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23 May 2018

The road untravelled

Creating Australian music for the electric viola da gamba


Jenny Eriksson Image: Jenny Eriksson  

If you'd asked me six or seven years ago what was driving me artistically, I would have told you about my ongoing goal of performing the complete viola da gamba works of Marin Marais with my ensemble, the Marais Project (you can hear us play this repertoire on Youtube). As a viola da gambist I am a member of the second generation of the historically informed performance (HIP) movement, a fairly narrow but popular enough classical music byway. Given that my day-to-day focus is on the French baroque, and more specifically, French baroque viola da gamba music, it is fair to say that I occupy a niche within a niche!

But happy as I was, I had a nagging feeling I wanted more. I was increasingly interested in jazz and came across a few You Tube clips of colleagues playing the electric viola da gamba. My interest was piqued. That 'more' I was looking for turned out to be the electric viola da gamba.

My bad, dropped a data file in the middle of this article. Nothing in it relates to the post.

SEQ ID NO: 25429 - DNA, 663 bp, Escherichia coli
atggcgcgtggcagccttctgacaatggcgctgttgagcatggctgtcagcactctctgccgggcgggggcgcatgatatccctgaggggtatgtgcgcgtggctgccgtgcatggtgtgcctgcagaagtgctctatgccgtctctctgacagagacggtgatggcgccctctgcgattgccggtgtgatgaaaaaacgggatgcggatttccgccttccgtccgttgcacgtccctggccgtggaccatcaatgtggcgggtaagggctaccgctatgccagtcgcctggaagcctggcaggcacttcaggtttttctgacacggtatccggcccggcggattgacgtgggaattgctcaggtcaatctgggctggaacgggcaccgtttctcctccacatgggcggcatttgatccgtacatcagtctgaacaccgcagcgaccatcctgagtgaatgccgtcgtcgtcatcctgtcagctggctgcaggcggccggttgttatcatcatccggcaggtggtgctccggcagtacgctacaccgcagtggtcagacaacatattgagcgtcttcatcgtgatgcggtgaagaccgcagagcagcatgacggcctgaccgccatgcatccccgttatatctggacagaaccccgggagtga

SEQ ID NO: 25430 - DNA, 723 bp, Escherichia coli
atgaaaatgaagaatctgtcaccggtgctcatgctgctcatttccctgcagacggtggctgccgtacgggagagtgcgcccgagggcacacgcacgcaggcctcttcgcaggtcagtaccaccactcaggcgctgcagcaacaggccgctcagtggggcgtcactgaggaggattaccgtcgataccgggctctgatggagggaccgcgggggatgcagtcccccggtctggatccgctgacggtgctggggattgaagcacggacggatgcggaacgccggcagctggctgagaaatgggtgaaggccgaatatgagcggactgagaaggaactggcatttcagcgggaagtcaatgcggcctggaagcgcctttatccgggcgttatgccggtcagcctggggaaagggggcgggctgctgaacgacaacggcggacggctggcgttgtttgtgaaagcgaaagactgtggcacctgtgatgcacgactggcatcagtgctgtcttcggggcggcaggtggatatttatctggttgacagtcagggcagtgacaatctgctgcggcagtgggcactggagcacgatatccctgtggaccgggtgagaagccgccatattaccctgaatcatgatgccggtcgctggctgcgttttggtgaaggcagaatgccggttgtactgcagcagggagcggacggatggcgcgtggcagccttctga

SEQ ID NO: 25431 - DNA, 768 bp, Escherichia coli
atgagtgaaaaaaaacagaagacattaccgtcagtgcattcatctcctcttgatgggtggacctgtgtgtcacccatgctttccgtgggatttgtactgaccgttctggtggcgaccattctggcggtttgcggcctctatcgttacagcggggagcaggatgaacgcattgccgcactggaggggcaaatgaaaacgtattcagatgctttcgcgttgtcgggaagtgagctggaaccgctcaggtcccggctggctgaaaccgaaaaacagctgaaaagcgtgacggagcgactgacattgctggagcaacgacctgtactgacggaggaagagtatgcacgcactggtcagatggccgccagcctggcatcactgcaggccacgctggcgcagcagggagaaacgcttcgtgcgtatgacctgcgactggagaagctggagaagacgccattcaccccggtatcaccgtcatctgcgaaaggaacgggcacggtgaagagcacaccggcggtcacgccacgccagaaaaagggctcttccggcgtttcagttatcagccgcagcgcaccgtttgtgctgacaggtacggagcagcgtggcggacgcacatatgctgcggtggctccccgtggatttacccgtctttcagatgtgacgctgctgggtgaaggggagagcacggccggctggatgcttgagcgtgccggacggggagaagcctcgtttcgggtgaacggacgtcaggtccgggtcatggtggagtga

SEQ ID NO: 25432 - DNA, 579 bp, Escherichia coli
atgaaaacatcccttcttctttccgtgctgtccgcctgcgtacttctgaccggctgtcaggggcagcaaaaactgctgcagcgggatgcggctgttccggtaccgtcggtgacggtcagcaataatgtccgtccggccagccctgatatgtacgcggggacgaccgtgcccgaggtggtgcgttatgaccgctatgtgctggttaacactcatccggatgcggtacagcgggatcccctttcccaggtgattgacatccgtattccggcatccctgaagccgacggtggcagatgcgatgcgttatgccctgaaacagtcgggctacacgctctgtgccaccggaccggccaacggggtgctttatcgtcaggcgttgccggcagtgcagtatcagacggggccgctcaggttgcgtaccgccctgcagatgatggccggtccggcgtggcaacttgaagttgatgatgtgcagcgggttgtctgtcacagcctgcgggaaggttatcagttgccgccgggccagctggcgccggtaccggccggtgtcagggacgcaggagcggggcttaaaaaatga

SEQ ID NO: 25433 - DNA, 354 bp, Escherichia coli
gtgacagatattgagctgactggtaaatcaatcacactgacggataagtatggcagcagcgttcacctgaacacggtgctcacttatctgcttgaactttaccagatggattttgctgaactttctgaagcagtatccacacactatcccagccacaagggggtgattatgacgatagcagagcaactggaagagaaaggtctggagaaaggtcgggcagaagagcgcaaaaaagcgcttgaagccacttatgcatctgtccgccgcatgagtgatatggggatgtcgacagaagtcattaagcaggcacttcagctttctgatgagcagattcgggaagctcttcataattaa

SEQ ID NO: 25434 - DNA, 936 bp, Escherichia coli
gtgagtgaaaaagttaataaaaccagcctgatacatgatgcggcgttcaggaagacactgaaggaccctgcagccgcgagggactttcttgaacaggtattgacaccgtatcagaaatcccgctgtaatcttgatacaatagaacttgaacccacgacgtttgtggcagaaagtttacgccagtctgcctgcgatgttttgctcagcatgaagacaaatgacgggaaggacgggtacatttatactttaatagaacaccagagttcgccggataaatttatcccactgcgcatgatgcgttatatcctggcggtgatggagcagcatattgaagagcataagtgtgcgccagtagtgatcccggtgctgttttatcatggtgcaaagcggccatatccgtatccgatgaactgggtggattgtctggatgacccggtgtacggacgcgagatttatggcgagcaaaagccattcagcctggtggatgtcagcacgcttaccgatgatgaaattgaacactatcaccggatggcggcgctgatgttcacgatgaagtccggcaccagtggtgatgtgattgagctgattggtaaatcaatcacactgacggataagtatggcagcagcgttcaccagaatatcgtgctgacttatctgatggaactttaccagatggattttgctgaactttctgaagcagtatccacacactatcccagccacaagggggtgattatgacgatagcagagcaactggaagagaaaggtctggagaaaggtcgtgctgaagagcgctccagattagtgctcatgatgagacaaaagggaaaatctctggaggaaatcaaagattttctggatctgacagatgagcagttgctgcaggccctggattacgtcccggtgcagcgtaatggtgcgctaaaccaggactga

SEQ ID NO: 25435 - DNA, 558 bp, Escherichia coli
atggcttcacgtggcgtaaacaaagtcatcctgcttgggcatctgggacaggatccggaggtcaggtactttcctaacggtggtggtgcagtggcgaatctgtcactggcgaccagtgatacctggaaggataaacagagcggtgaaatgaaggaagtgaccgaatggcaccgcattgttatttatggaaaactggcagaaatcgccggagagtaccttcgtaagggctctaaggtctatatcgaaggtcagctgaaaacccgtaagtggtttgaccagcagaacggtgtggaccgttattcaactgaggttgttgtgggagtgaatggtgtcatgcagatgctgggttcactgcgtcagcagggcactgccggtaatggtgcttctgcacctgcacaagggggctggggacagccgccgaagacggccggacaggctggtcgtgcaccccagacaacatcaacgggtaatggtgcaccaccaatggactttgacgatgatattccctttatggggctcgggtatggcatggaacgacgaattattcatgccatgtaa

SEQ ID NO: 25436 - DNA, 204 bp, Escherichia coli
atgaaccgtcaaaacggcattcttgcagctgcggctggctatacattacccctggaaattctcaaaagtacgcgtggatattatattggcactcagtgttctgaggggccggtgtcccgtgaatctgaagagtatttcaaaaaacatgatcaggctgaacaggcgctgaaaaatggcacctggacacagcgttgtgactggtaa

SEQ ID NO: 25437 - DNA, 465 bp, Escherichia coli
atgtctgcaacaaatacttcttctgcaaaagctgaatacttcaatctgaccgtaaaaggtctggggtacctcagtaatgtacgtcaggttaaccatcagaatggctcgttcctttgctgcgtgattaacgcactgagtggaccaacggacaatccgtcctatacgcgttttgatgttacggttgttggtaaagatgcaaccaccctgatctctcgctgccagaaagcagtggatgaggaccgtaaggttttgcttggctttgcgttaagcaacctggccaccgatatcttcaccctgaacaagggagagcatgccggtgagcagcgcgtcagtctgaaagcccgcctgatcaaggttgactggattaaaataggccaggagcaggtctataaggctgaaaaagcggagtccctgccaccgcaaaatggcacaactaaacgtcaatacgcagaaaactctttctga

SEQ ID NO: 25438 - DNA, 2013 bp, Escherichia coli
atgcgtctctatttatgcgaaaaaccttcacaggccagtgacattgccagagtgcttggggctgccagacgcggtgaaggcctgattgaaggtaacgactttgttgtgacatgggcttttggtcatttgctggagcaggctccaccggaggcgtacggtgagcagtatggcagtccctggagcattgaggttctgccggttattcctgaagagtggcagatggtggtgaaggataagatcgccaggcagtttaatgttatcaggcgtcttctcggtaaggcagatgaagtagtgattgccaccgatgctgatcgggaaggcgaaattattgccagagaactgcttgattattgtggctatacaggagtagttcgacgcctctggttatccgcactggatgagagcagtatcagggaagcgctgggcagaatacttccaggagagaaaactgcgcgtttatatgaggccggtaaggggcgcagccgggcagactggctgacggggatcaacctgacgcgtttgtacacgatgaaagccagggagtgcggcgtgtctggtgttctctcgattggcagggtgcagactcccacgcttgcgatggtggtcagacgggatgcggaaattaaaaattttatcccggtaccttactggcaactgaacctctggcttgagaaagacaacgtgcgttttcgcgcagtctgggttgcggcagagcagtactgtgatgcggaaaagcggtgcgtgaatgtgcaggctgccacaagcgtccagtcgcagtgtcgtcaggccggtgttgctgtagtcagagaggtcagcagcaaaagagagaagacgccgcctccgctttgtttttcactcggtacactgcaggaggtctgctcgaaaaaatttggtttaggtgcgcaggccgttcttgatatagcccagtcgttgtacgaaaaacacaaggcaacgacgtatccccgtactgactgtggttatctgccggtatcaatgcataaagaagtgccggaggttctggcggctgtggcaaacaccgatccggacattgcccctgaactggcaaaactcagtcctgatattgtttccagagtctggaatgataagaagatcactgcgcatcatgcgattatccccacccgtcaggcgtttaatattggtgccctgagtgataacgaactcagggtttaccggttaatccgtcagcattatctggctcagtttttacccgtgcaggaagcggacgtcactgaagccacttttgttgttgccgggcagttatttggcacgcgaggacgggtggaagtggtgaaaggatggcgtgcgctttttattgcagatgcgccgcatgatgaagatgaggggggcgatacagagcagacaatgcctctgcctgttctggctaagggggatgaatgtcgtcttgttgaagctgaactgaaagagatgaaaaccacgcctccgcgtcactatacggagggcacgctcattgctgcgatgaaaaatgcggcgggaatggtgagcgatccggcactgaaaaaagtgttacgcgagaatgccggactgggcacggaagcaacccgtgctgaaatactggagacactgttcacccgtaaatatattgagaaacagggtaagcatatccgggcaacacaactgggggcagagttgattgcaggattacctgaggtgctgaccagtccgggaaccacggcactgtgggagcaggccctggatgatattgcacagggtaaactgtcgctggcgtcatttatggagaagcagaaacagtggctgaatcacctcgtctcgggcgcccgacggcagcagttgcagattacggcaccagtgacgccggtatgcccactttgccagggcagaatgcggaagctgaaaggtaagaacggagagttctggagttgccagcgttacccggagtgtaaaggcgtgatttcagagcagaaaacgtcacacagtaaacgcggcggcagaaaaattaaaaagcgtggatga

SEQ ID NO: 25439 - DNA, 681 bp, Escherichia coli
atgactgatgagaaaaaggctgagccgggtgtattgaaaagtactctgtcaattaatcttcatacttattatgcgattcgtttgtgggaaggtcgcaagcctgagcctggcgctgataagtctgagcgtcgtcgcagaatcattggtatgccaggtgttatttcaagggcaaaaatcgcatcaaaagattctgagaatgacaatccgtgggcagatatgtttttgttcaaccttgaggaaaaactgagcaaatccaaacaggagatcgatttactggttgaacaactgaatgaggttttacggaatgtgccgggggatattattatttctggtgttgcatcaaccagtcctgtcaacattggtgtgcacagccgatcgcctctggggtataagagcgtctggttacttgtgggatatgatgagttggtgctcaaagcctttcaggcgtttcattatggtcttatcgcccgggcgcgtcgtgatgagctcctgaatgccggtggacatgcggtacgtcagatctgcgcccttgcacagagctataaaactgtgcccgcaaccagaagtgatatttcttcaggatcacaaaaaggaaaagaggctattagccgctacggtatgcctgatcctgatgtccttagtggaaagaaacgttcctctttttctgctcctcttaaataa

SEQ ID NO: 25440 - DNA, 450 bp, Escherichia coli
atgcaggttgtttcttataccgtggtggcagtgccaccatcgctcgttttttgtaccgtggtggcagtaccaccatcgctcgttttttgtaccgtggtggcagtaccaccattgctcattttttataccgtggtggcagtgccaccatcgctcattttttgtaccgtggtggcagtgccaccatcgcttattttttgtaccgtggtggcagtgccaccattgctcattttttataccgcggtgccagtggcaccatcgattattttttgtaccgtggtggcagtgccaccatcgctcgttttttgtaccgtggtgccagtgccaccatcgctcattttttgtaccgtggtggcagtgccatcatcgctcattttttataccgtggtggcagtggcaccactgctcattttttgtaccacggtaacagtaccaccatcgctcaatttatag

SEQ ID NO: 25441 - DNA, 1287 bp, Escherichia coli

Elysian Fields.

In 2015 I formed a new ensemble called Elysian Fields in collaboration with improvising musicians Matt McMahon (piano), and Matt Keegan (saxophones). The band is based on friendships. Matt McMahon and I got to know each other chatting about music at jazz gigs, mostly between sets of the various bands Matt appears with. Matt Keegan I met when I first taught him in high school. We lost touch while he grew up, and I had a family, but we gradually reconnected. When I told him about my electric viola da gamba idea he was incredibly supportive.

We were soon joined by a rhythm section of recent Sydney Conservatorium graduates: drummer, Finn Ryan and bass guitarist, Siebe Pogson. Matt Keegan strongly recommended having talented younger people in the band for their energy, ideas and to 'give them a go'. He was right. Gifted vocalist/violinist Susie Bishop - who I have worked with before in a range of contexts - rounds out the group.